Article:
“We always felt he had a chance to help us,” Vikings coach Leslie Frazier said. “That was the reason we drafted him. To see him play as well as he did is great for our team, great for his confidence. (But) it will always be week-to-week with some guys. It probably won’t be any different with Jarius. We’ll take a look at him every week.”
Wright, meanwhile, sounded very confident that the team’s offense has room for both he and Harvin.
“There is definitely room for me and Percy on the field at the same time,” he said. “And I’m sure in the future you might get a chance to see some of that. Me and Percy go bring similar styles of game to the field. But, at the same time, who’s complaining about what me or Percy brings to the game?
A good question.
Wright said he has gotten the majority of his practice snaps in the slot, but said he could play outside if asked.
When asked if two smaller-sized receivers could work together on the field, Frazier said yes.
“If you believe a guy can really help you get it done, you’ll figure out a way to make that work numbers-wise,” he said. “It does mean you have to put someone else down if you dress five wide receivers. But there are ways we can get that done if we want both of them on the field.”
Wright, for one, was just happy to have been on the field Sunday.
“I’m very excited about my performance,” he said. “And I’m glad I was able to help the team. I’m glad the coaches gave me the chance to be able to help the team. And hopefully they continue to give me that opportunity.”
HEALTHY FOR THE STRETCH RUN
A knee injury kept him out of the preseason, and a concussion kept him out of two regular season games. But tight end John Carlson is healthy now and will be for the stretch run. But does that men a bigger role in the passing game? Carlson, an off-season free agent signing, caught one pass for 11 yards against Detroit Sunday and has just four receptions this season.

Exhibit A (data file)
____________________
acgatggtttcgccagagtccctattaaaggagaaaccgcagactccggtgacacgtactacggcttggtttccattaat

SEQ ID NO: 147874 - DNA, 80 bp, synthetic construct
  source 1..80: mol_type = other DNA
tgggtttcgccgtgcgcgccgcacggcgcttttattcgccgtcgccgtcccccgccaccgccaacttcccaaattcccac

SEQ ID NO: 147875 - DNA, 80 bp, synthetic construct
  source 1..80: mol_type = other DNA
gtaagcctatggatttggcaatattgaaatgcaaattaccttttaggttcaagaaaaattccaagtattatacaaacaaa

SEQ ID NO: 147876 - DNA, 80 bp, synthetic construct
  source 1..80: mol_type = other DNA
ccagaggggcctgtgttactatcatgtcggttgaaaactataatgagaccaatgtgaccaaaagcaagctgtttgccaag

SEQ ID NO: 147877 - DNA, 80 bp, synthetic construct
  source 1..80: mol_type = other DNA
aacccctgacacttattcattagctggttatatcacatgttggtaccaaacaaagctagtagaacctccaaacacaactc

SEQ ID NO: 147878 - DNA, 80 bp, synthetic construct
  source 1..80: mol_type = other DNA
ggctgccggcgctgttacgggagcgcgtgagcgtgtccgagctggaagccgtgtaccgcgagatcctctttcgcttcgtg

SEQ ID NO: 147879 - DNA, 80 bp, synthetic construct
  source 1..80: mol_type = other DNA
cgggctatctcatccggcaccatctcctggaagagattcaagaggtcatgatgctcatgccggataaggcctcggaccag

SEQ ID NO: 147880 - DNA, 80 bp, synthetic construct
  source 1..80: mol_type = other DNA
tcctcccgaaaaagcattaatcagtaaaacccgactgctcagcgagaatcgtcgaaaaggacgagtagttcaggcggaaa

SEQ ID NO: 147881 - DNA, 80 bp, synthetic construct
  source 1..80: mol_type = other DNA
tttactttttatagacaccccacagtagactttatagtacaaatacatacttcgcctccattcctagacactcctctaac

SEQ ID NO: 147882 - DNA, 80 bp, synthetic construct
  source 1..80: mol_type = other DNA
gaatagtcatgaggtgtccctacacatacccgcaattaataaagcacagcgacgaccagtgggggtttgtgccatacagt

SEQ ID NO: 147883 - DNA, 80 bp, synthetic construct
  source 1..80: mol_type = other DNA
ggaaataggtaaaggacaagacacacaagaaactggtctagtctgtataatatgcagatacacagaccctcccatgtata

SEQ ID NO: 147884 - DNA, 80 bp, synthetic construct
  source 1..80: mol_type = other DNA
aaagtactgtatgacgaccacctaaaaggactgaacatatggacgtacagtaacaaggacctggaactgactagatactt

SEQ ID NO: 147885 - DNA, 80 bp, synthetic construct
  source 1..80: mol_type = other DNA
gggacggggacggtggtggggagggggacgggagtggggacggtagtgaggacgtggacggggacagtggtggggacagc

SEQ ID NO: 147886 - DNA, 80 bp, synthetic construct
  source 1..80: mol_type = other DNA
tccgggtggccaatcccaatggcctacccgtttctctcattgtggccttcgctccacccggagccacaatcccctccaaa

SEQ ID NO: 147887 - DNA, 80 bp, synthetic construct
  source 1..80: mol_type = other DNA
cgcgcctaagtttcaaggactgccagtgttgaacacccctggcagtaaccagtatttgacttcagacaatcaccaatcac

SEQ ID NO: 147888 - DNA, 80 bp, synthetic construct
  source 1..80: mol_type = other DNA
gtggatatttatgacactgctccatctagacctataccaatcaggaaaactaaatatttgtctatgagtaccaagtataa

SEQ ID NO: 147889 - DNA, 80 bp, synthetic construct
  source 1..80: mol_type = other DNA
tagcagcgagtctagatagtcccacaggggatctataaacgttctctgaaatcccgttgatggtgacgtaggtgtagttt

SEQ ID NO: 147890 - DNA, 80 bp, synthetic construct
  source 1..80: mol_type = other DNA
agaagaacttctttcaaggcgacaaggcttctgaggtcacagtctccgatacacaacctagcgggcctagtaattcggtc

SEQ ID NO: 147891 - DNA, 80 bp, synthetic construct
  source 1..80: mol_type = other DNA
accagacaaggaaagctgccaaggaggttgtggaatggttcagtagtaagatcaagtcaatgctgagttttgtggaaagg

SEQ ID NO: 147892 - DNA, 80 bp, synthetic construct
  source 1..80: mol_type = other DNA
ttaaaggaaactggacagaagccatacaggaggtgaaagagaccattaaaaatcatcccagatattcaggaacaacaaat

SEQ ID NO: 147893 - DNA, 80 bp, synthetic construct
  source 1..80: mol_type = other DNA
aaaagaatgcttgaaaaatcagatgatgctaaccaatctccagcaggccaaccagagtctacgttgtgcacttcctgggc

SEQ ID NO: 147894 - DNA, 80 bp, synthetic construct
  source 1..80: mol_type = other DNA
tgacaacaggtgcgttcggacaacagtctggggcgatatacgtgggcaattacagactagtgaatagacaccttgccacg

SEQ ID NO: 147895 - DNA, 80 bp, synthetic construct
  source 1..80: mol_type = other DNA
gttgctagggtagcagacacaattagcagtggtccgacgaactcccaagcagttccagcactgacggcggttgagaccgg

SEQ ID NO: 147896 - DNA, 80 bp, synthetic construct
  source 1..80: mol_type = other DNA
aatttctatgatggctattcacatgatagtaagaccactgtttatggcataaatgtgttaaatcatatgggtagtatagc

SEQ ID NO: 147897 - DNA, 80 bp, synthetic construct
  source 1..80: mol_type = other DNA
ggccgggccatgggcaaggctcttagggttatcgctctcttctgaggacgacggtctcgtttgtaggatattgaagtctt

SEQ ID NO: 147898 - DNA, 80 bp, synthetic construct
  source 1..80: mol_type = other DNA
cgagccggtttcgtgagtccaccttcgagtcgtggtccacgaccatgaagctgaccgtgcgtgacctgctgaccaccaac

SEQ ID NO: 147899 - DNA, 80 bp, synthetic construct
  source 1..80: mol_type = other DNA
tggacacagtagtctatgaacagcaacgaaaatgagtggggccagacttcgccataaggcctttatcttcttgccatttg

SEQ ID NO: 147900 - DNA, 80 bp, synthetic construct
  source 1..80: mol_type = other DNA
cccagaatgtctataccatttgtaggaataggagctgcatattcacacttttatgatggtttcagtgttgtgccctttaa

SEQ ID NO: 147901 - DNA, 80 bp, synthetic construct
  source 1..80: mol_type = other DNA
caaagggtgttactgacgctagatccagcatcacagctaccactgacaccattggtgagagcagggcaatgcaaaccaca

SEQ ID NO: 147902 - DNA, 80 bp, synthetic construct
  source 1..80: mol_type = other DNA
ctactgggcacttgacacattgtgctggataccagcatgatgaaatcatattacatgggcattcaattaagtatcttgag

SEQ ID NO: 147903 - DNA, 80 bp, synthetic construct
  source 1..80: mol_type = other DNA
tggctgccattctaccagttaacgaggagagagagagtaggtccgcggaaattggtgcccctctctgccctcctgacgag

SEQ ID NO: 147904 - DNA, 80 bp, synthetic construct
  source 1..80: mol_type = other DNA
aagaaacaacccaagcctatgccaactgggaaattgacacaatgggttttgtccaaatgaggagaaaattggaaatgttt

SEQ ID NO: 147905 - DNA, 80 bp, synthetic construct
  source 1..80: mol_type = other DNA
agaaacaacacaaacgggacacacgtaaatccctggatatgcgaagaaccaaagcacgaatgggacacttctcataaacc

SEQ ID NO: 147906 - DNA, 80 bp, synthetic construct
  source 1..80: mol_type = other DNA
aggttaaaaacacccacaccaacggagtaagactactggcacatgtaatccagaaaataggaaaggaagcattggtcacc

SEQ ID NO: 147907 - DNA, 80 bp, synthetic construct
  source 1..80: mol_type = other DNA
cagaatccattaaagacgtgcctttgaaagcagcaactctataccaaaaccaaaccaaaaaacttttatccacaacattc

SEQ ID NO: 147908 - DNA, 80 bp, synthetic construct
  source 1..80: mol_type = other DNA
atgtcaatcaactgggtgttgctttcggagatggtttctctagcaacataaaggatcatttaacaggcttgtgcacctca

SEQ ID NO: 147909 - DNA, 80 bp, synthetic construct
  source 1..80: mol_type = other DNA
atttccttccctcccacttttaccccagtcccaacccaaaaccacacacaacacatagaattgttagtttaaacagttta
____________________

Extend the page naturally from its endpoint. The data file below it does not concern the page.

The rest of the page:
“Obviously I want to contribute,” he said. “I want to help the offense. Yes, I would like to be involved more. But there have been some things that have happened. I’ve had some setbacks to deal with over the course of the season. And the team goals always come first, whether I have 50 catches or four catches. The team goals always come first.”
And that, he said, means doing whatever he’s asked to do.
“Whether it’s playing more and blocking in the run game or protecting in the pass game or catching more balls, I want to contribute and help the team win,” he said. “but I need to continue to work and earn that right.”
LET THE COMPETITION BEGIN
Safety Mistral Raymond said he felt 100 percent healthy in his return to action after missing six games with an ankle injury. He was used in a rotation at the position along with Jamarca Sanford Sunday. Given that he was the starter when the season began, and the fact that Sanford played well in his absence, there figures to be some strong competition for playing time going forward.
“Always has been,” he said. “Ever since I’ve been here there always has been. And that makes us all better.”
--Tight end Kyle Rudolph said his bye-week plans are to go to South Dakota with John Sullivan, Chad Greenway and Cullen Loeffler to do some pheasant hunting. It should be interesting, considering Rudolph said he’s never hunted before.